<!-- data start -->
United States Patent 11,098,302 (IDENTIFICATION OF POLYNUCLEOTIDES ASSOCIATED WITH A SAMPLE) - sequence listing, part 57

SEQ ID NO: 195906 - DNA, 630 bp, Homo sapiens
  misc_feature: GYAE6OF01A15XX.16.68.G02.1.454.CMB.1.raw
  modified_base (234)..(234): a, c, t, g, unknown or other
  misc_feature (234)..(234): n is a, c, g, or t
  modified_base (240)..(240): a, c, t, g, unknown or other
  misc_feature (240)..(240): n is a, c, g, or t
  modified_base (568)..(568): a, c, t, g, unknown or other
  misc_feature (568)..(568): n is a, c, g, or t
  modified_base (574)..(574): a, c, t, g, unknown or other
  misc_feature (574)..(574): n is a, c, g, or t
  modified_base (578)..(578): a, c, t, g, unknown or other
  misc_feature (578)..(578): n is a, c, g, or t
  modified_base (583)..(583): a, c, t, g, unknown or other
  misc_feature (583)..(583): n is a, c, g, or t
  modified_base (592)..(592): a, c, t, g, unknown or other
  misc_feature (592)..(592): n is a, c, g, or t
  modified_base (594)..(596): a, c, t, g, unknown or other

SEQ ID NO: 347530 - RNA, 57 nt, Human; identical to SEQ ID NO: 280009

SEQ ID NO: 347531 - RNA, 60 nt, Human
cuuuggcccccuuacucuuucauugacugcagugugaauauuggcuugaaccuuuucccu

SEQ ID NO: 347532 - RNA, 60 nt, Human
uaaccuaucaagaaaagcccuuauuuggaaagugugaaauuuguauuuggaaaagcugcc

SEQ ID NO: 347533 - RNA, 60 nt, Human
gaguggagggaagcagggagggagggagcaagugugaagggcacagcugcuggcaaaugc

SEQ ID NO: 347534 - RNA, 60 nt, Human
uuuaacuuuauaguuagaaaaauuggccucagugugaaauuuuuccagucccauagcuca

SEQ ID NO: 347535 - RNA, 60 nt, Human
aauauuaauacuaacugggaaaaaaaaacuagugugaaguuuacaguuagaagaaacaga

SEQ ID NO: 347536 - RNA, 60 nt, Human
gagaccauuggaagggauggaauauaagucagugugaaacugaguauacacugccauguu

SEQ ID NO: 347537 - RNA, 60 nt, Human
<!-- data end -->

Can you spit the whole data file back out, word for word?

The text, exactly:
United States Patent 11,098,302 (IDENTIFICATION OF POLYNUCLEOTIDES ASSOCIATED WITH A SAMPLE) - sequence listing, part 57

SEQ ID NO: 195906 - DNA, 630 bp, Homo sapiens
  misc_feature: GYAE6OF01A15XX.16.68.G02.1.454.CMB.1.raw
  modified_base (234)..(234): a, c, t, g, unknown or other
  misc_feature (234)..(234): n is a, c, g, or t
  modified_base (240)..(240): a, c, t, g, unknown or other
  misc_feature (240)..(240): n is a, c, g, or t
  modified_base (568)..(568): a, c, t, g, unknown or other
  misc_feature (568)..(568): n is a, c, g, or t
  modified_base (574)..(574): a, c, t, g, unknown or other
  misc_feature (574)..(574): n is a, c, g, or t
  modified_base (578)..(578): a, c, t, g, unknown or other
  misc_feature (578)..(578): n is a, c, g, or t
  modified_base (583)..(583): a, c, t, g, unknown or other
  misc_feature (583)..(583): n is a, c, g, or t
  modified_base (592)..(592): a, c, t, g, unknown or other
  misc_feature (592)..(592): n is a, c, g, or t
  modified_base (594)..(596): a, c, t, g, unknown or other

SEQ ID NO: 347530 - RNA, 57 nt, Human; identical to SEQ ID NO: 280009

SEQ ID NO: 347531 - RNA, 60 nt, Human
cuuuggcccccuuacucuuucauugacugcagugugaauauuggcuugaaccuuuucccu

SEQ ID NO: 347532 - RNA, 60 nt, Human
uaaccuaucaagaaaagcccuuauuuggaaagugugaaauuuguauuuggaaaagcugcc

SEQ ID NO: 347533 - RNA, 60 nt, Human
gaguggagggaagcagggagggagggagcaagugugaagggcacagcugcuggcaaaugc

SEQ ID NO: 347534 - RNA, 60 nt, Human
uuuaacuuuauaguuagaaaaauuggccucagugugaaauuuuuccagucccauagcuca

SEQ ID NO: 347535 - RNA, 60 nt, Human
aauauuaauacuaacugggaaaaaaaaacuagugugaaguuuacaguuagaagaaacaga

SEQ ID NO: 347536 - RNA, 60 nt, Human
gagaccauuggaagggauggaauauaagucagugugaaacugaguauacacugccauguu

SEQ ID NO: 347537 - RNA, 60 nt, Human